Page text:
SpaceX abandons propulsive landing plans for Red Dragon mission to Mars
Speaking at the International Space Station Research and Development Conference (ISS R&D) in Washington, DC Wednesday, SpaceX CEO Elon Musk sighed when he announced the company was ending development of Dragon propulsive landings, adding it was “a tough decision.”
The decision means that SpaceX Dragon capsules will be forced to make splashdown landings with parachutes, just as capsules have traditionally landed in the past.
Originally, SpaceX was working on an updated version of the capsule called Dragon 2 or the Crew Dragon, which would use the propulsive landing technique, or a controlled descent with thrusters. The capsule was designed to deploy landing gears, making it easier to transport humans to and from the International Space Station (ISS) and eventually Mars.
Last year, SpaceX announced plans to send the Dragon spacecraft to Mars by 2018. Then, in February, those plans were shelved until 2020.
The company had conducted propulsive landing tests in 2016, demonstrating that the capsule was capable of performing the landing.
It had also conducted splashdown tests that utilize the capsule’s parachute.
Musk said that Dragon 2 is “technically still capable” of propulsive landings, but said it would have to land on “some pretty soft landing pad because we’ve deleted the little legs that pop out of the heat shield.”
Musk said the reason the Dragon 2 will no longer use the landing technique was due to safety concerns.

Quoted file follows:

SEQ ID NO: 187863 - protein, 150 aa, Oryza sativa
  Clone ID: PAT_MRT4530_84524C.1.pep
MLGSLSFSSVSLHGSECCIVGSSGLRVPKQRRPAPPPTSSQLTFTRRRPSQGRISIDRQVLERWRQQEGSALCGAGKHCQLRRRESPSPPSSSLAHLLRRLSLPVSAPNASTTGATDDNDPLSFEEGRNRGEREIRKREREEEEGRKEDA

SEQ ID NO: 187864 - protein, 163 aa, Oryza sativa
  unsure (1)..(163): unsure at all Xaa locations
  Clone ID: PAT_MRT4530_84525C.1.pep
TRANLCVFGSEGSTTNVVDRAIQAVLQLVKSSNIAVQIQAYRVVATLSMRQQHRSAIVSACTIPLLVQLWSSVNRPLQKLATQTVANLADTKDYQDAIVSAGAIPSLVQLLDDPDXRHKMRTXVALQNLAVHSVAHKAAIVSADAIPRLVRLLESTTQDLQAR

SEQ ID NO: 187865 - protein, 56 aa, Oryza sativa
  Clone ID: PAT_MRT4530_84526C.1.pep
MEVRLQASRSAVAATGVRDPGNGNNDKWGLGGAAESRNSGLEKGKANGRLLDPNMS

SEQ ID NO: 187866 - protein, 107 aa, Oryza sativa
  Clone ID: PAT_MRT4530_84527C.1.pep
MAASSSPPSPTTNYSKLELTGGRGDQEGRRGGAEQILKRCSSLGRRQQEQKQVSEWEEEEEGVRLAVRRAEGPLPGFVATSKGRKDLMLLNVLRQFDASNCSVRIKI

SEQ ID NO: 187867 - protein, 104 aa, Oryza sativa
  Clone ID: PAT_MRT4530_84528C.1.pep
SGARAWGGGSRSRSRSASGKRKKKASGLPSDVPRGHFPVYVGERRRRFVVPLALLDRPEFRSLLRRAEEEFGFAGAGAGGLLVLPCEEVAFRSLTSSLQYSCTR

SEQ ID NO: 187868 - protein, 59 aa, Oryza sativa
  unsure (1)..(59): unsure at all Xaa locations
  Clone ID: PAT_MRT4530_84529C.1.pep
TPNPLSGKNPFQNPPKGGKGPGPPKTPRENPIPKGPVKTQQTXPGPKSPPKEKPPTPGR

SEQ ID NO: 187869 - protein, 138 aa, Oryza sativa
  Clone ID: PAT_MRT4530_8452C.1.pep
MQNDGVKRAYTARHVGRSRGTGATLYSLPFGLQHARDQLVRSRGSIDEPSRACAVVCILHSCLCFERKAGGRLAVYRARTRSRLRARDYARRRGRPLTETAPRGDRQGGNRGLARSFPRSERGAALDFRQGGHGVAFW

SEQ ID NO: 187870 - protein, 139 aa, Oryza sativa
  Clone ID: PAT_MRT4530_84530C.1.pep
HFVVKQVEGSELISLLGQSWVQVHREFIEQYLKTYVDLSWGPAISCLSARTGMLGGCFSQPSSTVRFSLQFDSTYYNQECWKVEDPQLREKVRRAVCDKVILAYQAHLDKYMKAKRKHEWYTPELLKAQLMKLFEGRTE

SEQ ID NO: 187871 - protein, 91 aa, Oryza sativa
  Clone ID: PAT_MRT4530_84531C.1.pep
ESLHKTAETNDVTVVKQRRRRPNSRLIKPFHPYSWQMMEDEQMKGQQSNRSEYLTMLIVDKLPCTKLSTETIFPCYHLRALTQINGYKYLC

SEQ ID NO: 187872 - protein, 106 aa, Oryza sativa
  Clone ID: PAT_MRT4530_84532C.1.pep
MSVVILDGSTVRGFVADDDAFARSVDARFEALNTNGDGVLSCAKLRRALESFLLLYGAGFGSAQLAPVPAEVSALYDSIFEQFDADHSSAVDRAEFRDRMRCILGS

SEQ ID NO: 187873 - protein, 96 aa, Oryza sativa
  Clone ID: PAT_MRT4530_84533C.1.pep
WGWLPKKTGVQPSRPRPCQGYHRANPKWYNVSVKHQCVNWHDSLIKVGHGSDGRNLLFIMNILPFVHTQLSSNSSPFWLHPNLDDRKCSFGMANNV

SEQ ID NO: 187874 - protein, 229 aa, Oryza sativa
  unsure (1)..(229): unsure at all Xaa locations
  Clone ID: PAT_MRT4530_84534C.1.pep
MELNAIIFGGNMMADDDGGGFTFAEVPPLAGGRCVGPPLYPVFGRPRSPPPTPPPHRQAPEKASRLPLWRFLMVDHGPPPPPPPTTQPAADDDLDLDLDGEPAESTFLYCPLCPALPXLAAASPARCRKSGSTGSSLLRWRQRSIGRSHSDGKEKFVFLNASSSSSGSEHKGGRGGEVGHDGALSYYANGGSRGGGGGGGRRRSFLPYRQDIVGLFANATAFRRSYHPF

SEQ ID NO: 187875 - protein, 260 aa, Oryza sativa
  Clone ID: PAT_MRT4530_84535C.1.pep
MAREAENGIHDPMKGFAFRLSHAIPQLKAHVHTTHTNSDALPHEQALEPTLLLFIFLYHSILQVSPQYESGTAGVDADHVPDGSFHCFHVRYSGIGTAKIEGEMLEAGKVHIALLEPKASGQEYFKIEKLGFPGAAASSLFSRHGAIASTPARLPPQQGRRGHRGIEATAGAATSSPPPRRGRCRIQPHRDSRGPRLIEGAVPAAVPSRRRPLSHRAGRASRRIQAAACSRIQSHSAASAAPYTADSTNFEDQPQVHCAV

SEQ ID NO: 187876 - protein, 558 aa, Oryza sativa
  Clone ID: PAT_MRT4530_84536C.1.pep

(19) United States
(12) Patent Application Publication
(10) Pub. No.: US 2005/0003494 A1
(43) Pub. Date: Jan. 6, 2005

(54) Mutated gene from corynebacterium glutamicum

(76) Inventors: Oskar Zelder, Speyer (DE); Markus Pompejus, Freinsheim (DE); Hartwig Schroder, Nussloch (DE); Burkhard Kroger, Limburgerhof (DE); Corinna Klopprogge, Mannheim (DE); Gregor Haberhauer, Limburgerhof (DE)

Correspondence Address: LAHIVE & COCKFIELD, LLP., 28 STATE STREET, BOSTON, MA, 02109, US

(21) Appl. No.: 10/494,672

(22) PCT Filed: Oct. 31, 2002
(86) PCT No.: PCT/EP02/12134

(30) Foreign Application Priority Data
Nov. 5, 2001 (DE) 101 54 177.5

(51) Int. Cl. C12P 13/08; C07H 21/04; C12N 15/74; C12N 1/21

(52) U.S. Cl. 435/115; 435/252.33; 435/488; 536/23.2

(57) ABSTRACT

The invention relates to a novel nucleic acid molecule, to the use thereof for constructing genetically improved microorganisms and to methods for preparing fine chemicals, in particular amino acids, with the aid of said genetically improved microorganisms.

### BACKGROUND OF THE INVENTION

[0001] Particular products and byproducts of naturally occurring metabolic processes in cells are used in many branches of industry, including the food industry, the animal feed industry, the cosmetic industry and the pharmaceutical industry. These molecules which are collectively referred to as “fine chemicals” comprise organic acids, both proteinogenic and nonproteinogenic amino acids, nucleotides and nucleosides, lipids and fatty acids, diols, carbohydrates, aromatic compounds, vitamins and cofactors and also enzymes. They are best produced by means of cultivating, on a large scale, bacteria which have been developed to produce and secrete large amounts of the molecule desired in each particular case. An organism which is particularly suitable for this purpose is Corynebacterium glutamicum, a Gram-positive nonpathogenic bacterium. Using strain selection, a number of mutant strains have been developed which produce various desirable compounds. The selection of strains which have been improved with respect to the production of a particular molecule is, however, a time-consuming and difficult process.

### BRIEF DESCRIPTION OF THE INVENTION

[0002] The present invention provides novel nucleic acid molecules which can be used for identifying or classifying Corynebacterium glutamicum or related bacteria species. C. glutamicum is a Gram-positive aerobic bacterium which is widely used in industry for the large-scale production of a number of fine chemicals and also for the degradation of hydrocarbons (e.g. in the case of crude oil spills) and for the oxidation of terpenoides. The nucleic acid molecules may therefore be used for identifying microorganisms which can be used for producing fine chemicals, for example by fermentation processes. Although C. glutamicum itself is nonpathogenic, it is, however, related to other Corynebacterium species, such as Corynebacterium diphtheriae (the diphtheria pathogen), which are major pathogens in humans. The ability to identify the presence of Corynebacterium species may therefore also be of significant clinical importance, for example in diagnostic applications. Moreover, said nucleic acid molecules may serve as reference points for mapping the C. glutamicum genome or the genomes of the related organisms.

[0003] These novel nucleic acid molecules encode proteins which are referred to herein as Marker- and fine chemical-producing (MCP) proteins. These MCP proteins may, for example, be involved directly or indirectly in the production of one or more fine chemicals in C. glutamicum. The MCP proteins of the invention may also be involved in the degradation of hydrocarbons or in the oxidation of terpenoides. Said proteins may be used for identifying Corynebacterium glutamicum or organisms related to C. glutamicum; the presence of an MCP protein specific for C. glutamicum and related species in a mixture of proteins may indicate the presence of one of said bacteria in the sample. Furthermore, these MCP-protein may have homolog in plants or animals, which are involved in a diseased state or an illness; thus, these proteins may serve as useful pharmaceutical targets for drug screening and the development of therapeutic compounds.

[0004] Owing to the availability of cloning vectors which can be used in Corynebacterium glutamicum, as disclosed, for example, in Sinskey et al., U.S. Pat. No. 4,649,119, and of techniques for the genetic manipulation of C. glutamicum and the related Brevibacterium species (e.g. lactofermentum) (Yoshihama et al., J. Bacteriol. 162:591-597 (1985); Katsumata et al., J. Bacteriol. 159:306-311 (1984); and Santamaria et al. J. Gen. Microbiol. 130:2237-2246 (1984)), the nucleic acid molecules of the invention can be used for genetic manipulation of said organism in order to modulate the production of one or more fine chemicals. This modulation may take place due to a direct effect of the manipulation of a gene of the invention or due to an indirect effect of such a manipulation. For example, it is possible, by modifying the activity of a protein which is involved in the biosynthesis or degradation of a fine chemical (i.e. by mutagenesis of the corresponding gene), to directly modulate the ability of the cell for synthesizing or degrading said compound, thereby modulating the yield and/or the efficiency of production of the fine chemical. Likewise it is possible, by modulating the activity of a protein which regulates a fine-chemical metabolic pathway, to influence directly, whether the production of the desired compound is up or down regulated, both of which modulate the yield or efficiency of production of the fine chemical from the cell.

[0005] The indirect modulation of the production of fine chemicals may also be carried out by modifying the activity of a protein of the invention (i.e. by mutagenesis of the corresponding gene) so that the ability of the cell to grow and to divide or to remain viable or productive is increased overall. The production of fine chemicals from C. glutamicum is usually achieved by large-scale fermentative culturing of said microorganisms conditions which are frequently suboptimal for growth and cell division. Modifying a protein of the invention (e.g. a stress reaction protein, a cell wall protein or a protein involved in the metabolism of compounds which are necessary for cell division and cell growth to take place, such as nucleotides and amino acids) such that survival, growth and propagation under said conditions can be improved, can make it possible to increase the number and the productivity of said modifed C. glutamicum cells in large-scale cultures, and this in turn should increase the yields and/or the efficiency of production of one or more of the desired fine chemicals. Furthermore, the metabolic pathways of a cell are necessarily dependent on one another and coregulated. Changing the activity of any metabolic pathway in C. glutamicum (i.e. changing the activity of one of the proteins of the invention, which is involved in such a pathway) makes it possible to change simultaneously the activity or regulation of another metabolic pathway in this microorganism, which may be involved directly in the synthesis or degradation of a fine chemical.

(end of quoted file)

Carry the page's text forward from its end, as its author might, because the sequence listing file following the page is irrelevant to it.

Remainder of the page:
“The reason we decided not to pursue that heavily is that it would have taken a tremendous amount of effort to qualify that for safety for crew transport,” Musk said. “That’s why we are not pursuing it. It could be something that we bring back later, but it doesn’t seem like the right way to apply resources right now.”
Musk added that he did not think that propulsive landing was the best approach.
“There was a time when I thought the Dragon approach to landing on Mars, where you've got a base heat shield and side mounted thrusters, would be the right way to land on Mars. But now I'm pretty confident that is not the right way, and there’s a far better approach,” Musk said. “That's what the next generation of SpaceX rockets and spacecraft is going to do.”
On Thursday, Musk tweeted that SpaceX still plans propulsion landing, also known as powered landing, on Mars, just with “a vastly bigger ship.”
For now, Musk said that the “primary focus” of the Dragon 2 will be to take cargo and crew to the ISS by the middle of 2018. The new Dragon 2 will be designed with automated docking capabilities, which means they will not need to be captured and attached via the Space Station’s robotic arm, as traditional capsules have in the past.
In 2014, the National Aeronautics and Space Administration (NASA) awarded SpaceX a $2.6 billion contract to finish development of the upgraded Dragon spacecraft and fly up to six crew rotation missions to ISS.
SpaceX has already flown supplies to ISS with the Dragon capsule, but not any crew. When Dragon 2 begins those missions, it will be the first time that astronauts have been taken to the space station from American soil since 2011, when the space shuttle program ended.
When asked if he would make the journey to the ISS with the Dragon 2, Musk said he “would like to at some point.”
“Assuming things work out, yeah, maybe in three or four years,” Musk said.